— If the founder is one person, then one-off start-up costs of EUR 3,900 net including all fees and contracts, accounting flat rate of approx. EUR 2,500 net per year.
— What are the tax rates in Croatia for companies?
— VAT is generally 25%, lower only for groceries and medicines. Corporate income tax for companies is 10-18%, personal income tax is 10-30%.
— What additional costs are incurred when buying a property/a plot of land in Croatia?
— The costs for a lawyer for the preparation of the purchase contract, entry in the land register, etc. are to be calculated at around 1.5% plus 25% VAT. The land transfer tax is 3%. Also, you will, probably, have to pay the commission for the mediation (our company charge 3% plus 25% VAT).
— Loan financing from a Croatian bank, what are the conditions there?
— In the case of real estate, there is usually a loan term of 10-12 years, an equity share of approx. 30-50% is necessary. The interest is presently about 7-8% per year.
— How much can I earn on the property in the country, and what are the ways to do it?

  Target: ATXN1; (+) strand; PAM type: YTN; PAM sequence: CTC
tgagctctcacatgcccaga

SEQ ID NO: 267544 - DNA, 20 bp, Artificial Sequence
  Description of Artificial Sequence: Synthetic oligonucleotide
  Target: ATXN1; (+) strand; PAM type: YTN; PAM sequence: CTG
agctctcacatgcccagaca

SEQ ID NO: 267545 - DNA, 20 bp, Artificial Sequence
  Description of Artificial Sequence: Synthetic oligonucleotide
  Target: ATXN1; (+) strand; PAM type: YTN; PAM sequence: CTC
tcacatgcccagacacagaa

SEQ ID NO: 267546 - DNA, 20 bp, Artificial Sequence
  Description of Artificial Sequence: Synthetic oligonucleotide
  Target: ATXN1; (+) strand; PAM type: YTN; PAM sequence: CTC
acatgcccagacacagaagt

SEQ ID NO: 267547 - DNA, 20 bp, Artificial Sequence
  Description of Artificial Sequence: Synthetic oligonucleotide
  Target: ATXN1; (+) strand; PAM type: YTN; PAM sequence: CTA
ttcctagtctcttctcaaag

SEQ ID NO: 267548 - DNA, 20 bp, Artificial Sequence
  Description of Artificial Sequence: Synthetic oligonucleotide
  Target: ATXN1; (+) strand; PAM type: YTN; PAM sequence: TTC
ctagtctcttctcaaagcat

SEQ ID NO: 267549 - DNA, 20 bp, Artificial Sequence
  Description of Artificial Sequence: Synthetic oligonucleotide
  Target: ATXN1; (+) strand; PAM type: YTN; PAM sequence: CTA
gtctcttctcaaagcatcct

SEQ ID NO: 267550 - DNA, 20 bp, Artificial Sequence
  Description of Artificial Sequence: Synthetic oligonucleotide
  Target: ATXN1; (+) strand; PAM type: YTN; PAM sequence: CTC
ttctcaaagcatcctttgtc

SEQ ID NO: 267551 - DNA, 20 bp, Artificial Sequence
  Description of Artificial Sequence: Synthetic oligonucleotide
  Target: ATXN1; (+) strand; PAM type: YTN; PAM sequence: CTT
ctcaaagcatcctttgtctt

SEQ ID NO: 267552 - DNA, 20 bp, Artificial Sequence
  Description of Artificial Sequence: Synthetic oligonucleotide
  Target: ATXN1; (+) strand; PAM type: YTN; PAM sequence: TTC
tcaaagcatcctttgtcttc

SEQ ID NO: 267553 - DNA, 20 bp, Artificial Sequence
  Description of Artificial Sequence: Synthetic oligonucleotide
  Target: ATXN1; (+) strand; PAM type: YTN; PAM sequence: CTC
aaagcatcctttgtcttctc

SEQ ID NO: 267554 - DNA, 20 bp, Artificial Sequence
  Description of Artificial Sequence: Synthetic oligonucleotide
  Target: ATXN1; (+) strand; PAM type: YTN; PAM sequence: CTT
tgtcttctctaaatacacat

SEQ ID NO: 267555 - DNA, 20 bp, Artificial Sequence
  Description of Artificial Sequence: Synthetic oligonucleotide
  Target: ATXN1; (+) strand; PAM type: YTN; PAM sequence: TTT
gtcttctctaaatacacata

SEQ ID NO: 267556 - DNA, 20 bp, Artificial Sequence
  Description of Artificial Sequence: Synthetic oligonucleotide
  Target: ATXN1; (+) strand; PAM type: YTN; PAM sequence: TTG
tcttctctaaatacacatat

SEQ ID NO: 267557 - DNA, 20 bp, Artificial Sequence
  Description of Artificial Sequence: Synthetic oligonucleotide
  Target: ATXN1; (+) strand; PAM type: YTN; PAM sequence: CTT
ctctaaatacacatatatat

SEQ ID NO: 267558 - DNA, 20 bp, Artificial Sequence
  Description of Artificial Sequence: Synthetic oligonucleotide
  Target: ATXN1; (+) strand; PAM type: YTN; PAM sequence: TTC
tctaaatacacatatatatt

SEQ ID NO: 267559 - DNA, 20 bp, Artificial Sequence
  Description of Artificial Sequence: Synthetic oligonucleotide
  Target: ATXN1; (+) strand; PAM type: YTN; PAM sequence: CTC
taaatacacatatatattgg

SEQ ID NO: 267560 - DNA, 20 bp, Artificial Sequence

— So there are many investors who build houses in Croatia to rent to tourists. There are also great opportunities for buyers of hotels, campsites/glamping sites, etc. There are still great properties right by the sea, with their own beach, because different regulations apply here than for private houses. In general, the earning potential with real estate alone for tourists is 7 to 15% per year, so it is quite attractive.
— Based on the current market situation, what do you expect to see in the future?
— In principle, no recession or a fall in prices is to be expected here. On January 1st, 2023, Croatia will introduce the euro as its currency and . This means that with a visa for Croatia, you can also enjoy freedom of travel in all other Schengen countries of the EU. And the number of tourists will also continue to rise — a number of hotel groups are investing in year-round tourism with wellness & spa, thermal baths, sports & leisure.
Fotocredit: Peter Pollak